Quest Church Purchases the former Mars Hill Ballard – Eugene Cho writes, “No one could have imagined the situation at Mars Hill turning out the way that it turned out. When we first heard that the building would be available on the market, we met with their team and they expressed their desire to sell to a church if possible. They received a total of 10 offers – 9 from developers with tenants in tow and one from Quest. We weren’t the highest offer but we offered flexible conditions. They were true to their word for which we are grateful.”

The Worst Book Ever Written About Jesus –  Sadly, books like this are far too common, and often appear shelved at Barnes & Noble next to works more worthy of respect. Customers lacking discernment don’t know the difference. “For example, the authors argue that a celibate man in first-century Galilee would have been shocking, so Jesus must have been married. While overstated, we can follow their intended logic. But they also maintain throughout the book that Jesus’ marriage was so scandalous that it had to be covered up. So which was it? Was Jesus’ sexuality scandalous to his first followers or not?”

Frank Viola, The Songwriter – Who knew? And the song is good, though the tune is borrowed. border

Short Takes

Chris Rice once asked, "What if cartoons got saved?" Now Dan Pagoda asks, "What if cartoons were pastors?" Click the image to see all five.

Chris Rice once asked, “What if cartoons got saved?” Now Dan Pegoda asks, “What if cartoons were pastors?” Click the image to see all five.

 

 

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December 15, 2010

Wednesday Link List

It’s a busy week for most so I’ll keep the list short(er) this week…

  • Yes, I do list the links in order of importance, so for this week, it’s got to be a Christianity Today story in celebration of 50 years of Youth With A Mission (YWAM).
  • “Does it really make sense that God is a loving, kind, compassionate God who wants to know people in a personal way, but if they reject this relationship with Jesus, they will be sent to hell where God will eternally punish them forever?”   That question, included in the online, advance-publication announcement for Rob Bell’s forthcoming Love Wins, may explain why the title is with HarperOne, and not with Zondervan.
  • The Amish are causing problems for building contractors in Philadelphia where they are underbidding local companies on jobs, and then leaving town without spending any money.
  • Lots of time to answer our poll question from yesterday — Should audiences still be expected to stand for the playing of the Hallelujah Chorus?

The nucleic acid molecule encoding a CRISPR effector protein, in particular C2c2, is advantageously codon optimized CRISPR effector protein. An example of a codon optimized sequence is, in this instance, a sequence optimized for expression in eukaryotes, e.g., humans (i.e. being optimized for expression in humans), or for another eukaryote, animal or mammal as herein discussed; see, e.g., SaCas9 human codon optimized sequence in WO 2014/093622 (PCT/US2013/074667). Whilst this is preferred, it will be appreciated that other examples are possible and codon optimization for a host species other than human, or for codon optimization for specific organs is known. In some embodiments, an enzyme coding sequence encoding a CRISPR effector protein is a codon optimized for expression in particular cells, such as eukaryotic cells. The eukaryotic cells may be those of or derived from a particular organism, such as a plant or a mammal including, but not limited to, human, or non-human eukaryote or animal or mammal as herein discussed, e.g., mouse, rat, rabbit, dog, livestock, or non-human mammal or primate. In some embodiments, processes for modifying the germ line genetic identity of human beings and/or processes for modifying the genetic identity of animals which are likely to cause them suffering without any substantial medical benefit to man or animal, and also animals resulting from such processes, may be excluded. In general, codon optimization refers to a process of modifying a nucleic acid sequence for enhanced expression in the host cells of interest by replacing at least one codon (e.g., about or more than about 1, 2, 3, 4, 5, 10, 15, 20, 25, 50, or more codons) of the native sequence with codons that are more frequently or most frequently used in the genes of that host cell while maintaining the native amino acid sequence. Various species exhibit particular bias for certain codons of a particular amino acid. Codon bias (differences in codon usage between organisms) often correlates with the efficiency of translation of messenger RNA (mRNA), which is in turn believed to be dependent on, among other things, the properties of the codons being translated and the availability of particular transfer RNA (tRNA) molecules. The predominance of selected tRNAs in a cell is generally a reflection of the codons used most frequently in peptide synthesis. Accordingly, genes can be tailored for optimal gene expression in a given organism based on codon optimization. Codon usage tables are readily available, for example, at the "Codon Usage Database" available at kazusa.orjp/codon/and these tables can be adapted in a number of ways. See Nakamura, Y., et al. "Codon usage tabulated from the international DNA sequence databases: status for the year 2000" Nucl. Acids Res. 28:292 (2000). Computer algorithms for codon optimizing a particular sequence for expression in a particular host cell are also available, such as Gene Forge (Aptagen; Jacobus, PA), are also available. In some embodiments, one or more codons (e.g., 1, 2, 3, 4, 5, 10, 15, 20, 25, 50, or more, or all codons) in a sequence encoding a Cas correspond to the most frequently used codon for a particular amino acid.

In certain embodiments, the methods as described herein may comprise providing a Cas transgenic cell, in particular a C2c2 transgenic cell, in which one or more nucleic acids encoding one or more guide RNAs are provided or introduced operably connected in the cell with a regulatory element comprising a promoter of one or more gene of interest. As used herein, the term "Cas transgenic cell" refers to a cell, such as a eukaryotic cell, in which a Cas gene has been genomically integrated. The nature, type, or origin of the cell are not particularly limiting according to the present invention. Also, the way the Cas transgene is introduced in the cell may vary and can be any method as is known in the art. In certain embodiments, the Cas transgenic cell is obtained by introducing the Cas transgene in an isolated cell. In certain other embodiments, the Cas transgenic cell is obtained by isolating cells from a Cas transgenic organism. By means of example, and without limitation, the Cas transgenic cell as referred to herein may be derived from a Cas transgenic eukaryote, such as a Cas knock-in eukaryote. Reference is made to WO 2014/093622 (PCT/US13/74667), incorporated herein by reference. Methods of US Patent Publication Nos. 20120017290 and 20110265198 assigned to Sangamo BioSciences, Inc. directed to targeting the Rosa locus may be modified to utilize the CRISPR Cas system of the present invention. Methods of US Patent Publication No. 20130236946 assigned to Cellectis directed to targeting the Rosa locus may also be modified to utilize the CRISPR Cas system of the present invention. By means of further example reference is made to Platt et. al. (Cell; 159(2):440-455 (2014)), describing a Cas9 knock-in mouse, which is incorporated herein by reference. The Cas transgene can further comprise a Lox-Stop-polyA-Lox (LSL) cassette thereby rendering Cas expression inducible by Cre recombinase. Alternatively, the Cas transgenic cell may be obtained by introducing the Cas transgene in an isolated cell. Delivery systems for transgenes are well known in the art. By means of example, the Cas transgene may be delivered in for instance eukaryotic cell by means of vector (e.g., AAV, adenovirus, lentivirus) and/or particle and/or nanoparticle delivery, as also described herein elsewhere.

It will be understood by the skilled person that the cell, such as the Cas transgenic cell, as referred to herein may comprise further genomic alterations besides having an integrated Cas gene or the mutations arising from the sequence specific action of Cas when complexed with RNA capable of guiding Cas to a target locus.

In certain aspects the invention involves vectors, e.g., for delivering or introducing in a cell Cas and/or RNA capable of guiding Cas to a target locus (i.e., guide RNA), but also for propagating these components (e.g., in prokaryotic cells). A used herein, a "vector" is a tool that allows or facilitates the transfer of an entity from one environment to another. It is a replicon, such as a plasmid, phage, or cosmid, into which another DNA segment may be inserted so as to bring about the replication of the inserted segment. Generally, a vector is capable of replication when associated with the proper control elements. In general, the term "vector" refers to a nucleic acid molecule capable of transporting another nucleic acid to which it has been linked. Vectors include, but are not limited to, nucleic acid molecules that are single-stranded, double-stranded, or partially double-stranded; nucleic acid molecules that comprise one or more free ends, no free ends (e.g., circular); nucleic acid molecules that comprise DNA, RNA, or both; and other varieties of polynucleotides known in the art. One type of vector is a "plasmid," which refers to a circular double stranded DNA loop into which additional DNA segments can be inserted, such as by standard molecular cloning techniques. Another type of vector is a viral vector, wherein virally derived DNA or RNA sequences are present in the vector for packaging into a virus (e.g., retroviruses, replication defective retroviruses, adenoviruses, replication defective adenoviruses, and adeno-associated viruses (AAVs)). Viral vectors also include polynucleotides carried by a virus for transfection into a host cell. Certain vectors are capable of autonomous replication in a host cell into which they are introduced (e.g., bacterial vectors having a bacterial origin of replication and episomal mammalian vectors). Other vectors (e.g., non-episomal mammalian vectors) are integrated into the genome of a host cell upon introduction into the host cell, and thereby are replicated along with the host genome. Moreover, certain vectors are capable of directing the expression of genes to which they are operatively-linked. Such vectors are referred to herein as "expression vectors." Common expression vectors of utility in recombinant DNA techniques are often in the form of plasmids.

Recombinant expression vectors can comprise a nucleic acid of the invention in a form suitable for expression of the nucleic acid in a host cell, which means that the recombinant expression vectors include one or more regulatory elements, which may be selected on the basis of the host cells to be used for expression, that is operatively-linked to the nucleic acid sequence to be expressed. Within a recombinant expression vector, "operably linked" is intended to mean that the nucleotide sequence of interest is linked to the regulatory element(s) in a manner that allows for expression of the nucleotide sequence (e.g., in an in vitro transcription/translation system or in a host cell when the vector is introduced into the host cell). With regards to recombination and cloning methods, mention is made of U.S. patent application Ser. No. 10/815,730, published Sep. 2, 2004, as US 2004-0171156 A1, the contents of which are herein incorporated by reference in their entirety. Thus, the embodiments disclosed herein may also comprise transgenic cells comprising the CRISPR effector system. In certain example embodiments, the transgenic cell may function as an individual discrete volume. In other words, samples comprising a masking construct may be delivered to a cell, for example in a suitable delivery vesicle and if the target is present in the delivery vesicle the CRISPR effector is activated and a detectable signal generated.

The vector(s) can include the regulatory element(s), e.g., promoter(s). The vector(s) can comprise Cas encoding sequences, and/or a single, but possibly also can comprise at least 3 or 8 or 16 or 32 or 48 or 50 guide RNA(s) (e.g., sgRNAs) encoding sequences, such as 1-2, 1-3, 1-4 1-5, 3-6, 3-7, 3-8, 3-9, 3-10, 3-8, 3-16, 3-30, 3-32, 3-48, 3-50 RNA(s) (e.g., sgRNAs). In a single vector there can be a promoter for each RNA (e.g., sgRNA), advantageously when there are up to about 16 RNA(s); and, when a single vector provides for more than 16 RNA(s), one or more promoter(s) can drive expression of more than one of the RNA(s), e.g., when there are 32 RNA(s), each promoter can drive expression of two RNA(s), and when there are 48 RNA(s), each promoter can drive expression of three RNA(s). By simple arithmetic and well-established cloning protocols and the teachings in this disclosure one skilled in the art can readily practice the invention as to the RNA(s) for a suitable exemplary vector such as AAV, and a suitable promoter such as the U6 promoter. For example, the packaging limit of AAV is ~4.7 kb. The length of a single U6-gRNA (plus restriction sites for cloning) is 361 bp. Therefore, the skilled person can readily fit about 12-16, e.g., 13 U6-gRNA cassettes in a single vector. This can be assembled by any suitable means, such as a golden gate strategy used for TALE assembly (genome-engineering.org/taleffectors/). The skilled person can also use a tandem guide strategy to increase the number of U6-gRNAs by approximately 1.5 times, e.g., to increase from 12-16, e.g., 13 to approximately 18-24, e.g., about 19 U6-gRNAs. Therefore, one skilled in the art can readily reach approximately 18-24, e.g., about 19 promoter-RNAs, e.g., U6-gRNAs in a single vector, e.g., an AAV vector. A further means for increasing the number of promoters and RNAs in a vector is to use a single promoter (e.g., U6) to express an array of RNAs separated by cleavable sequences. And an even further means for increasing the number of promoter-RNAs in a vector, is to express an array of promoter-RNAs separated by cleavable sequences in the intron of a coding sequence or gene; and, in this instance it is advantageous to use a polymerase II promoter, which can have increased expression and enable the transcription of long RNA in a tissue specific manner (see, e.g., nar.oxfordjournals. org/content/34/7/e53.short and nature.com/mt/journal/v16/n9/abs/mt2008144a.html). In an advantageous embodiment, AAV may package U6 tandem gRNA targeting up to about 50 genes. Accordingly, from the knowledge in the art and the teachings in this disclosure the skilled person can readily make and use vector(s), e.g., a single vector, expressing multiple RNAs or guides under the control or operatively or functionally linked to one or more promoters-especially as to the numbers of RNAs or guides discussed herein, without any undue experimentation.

• A look at Brad Lomenick’s “Young Influencers List” for December led to the discovery that he’s been doing this list for a few years now, with some names you might recognize.
  • If you own a business in Dallas, Texas, you’d better not be substituting “Happy Holidays” for “Merry Christmas” or First Baptist Church will put you on their “Naughty or Nice” list.
  • It’s minus 12 degrees Celsius, or 10 degrees Fahrenheit in Fairbanks, Alaska.  What better time for an outdoor baptism service.
  • Because of remarks made by Canadian Pastor Charles McVety, the National Post reports that Crossroads Television System (CTS) has been found to be in violation of Canada’s strict “anti-hate” Canadian Broadcast Standards.
  • Cedric Miller, a New Jersey pastor “believes the forbidden fruit had a QWERTY keyboard and came with status updates.”  He’s ordered his church leaders to either quit Facebook or resign.
  • Canadian readers:  Don’t forget you have less than two weeks to help us fill our Salvation Army iKettle.  No matter where you live, donations stay with the S.A. Family Services branch closest to you.
  • Joel Spencer doesn’t blog frequently, but if you like your bloggers with tongues firmly planted in cheeks, you might enjoy his catalog of Jesus action figures for 2010.
  • Bonus link:  In the days before Weird Al, there was Ray Stevens (Guitarzan, The Streak, Bridget the Midget, etc.) filling the novelty music category.  He’s back with a commentary on U.S. immigration policy.
  • Today’s cartoon is a 2009 entry at ShoeBoxBlog, while today’s picture is none other than Shane Claiborne at the White House which appeared — National Enquirer style — at the blog OutOfUr.  BTW, you need to drop by your bookstore to actually see, touch and feel what Shane is doing with his new book, Common Prayer.

June 23, 2010

Wednesday Link Link

Got a blog post that deserves more attention?   Use the contact page to submit the item you want the world to read.   We promise you at least three or four extra readers!!!

  • Blogger Dennis Muse notes the upcoming 50th Anniversary of Youth With a Mission, aka YWAM.  (Canada’s Brian Stiller once called YWAM, “The Evangelical Community’s best kept secret.”)
  • Cornerstone Television’s home page notes the loss of Ron Hembree.   Although I can’t get their signal, I paid tribute to their quality programming in this blog in March of 2008.
  • USAToday Religion notes the number of pastors in bi-vocational ministry adding fresh meaning to the phrase, “Keep your day job.”
  • A Christian bookstore in Helsinki holds an event where you can trade porn for Bibles.  (And the concept isn’t copyrighted!  You can do this, too.)
  • Justin Taylor gives me a chance to be introduced to the music of Trip Lee; I can enjoy hip-hop more when I can read the lyrics such as on Justin’s blog post and audio of this song, “The Invasion (Hero)“.
  • Jason Boyett reposts a proposal that the thing that’s really missing from your local Christian bookstore is Christian cosmetics.